Let’s see, fines for code violators, at $50 a pop that could probably wipe out any deficit and pay the building off in a few years. Bigger fines for dog poop in the foothills, greenbelt, school playgrounds would generate $1000s in annual revenue. Prohibit alcohol again! Make the age of consent 21 instead of 18. Add a 2C button to parking meters. 2C plate holders must press the 2C button on the meter which activates double fees. If the meter enforcer finds a 2C car without an activated 2C button the car gets a double fine.

    Any more?

  6. How in the world could CCDC officials call a meeting to request deficit funding and not know the amount of the deficit required. Really Sharon? If this is true….god help us.

  7. Serendipity
    Feb 5, 2009, 10:41 am

    “…but urban renewal PROponents have always claimed that any default risk would be only on the bondholders and “bond insurance” would protect them.”
    Hmmm, nothing about the bond insurance angle in the article; surely this is also known to somebody? Dave? or Sharon?

  8. Clippityclop
    Feb 5, 2009, 12:26 pm


    You’re my hero. Puh-leeze continue to keep us informed… this story is outrageous! Rick, Fred, where are you on this? That plucky chick is showing you both up already and it’s only February.

  9. The whole scheme around financing the courthouse has been a mess since it started. Empty space, unrented apartments and pipe dreams do not equal a responsible, feasible long term financing solution. The public should have been able to vote on a bond to fund the project.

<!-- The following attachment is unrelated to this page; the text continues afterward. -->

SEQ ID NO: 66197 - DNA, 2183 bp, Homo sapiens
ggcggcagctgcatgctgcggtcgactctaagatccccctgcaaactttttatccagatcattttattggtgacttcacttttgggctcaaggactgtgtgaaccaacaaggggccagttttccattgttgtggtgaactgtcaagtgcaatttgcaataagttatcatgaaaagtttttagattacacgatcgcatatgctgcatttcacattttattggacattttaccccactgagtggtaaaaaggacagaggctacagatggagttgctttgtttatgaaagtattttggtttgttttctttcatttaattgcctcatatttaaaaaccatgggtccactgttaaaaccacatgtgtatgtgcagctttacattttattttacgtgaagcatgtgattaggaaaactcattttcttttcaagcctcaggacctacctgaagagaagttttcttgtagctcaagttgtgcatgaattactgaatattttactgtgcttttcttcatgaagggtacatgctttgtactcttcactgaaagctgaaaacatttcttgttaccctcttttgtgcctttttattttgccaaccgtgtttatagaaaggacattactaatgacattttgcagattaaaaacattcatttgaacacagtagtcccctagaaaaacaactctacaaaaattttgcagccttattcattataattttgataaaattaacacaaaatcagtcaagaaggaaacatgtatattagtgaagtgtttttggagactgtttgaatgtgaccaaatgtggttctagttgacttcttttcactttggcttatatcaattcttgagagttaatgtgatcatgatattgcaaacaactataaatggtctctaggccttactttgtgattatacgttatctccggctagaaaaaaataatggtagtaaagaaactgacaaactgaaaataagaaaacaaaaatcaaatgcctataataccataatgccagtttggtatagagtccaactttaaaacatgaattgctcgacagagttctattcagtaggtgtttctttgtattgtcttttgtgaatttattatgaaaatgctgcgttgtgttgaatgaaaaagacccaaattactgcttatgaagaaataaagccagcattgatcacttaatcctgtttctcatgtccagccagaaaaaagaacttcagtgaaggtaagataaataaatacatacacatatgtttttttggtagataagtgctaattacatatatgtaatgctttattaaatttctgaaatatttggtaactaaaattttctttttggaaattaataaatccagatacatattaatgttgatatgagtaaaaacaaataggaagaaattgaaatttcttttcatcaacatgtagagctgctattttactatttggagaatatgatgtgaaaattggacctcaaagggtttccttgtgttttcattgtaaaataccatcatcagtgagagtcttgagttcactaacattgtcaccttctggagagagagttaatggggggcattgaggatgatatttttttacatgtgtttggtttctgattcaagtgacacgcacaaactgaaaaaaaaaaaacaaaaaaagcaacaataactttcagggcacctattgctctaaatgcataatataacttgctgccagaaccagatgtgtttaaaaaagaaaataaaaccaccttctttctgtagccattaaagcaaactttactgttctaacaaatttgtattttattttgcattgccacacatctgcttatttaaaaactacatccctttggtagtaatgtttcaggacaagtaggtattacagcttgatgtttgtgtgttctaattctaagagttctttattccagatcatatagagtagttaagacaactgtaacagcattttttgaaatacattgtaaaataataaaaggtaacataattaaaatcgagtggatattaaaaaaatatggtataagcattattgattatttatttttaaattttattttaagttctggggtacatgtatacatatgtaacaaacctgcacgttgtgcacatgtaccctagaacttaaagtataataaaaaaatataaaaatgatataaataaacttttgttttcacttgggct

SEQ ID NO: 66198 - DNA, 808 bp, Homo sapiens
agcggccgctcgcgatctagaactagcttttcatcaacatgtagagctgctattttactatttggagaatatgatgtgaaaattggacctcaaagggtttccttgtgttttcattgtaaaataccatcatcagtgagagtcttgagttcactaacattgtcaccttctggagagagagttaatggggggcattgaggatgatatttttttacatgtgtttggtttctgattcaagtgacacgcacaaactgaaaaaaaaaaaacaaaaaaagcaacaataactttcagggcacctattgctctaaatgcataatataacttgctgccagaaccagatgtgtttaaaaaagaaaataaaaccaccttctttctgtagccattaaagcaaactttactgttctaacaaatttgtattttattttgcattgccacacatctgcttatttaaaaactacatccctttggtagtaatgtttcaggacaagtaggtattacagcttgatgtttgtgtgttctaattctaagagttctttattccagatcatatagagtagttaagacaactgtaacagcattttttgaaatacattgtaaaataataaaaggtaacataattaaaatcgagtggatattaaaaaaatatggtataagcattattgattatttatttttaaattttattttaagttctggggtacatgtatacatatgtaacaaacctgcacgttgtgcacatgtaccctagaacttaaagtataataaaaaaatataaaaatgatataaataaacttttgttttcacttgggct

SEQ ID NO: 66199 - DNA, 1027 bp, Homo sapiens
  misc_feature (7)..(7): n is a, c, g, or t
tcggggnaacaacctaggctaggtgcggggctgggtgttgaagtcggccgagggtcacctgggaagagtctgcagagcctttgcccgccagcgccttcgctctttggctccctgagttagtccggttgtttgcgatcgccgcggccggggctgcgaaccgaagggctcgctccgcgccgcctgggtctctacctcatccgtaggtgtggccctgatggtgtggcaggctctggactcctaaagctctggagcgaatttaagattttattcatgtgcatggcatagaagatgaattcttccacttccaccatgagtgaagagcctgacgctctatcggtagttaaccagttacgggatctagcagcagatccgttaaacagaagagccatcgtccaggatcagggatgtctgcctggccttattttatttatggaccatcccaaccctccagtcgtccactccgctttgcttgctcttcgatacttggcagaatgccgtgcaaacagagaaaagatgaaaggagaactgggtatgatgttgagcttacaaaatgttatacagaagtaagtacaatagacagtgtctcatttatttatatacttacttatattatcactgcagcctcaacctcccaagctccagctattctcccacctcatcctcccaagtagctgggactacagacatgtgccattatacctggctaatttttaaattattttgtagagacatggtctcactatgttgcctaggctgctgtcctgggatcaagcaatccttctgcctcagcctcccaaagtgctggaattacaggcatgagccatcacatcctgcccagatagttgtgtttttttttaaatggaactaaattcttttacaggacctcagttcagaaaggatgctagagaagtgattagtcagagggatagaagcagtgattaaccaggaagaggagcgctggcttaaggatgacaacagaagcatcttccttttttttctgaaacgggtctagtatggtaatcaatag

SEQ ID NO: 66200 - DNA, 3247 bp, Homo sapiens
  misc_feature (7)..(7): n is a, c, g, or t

This is Idaho’s version of a ponzie scheme.

    This is why we cannot let our state constitiution be changed to allow local option taxes or less than 66% approval of bonds – or you well get a lot more of this “creative” financing.

  10. Tom Anderson
    Feb 5, 2009, 3:36 pm

    — Sharon Ullman for Governor! —

  11. From the story: “or a payment each year from county taxpayers, to make up the deficit.” I’m wondering just how they are going to get county taxpayers to make up the deficit? Increase property taxes? Impose a tax on each county resident? If anyone knows, please post. Thank you!

  12. […] tip to the Boise Guardian, which adds that “Urban renewal opponents predicted for years that taxpayers would ultimately […]

  13. Transparency and accountability will come only with the absorption of Boise’s various Shadow Governments – such as the CCDC – into existing city agencies and departments.

    A move as unpopular within City Hall as within the Shadow Governments themselves, because it will also bring an end to years of Plausible Deniability afforded City Hall.

    The definition of insanity is doing the same thing over and over again and expecting different results! ~ Albert Einstein

  14. The people who brought us University Place are deeply involved in a lot of the development along the Front and Myrtyle corridor, vis-a-vi the CCDC.

    There was a report a few months ago concerning bank failures that said something about this kind of debt (from creative local government financing schemes) is a big problem and will be a big part of the bailout. I wish I’d kept the link to that article. I think I posted it on another thread.

    I wonder if Bieter has thought about asking the Attorney General for help? The Attorney General has some unique powers involving financial fraud and financial issues.

Get the Guardian by email

Enter your email address: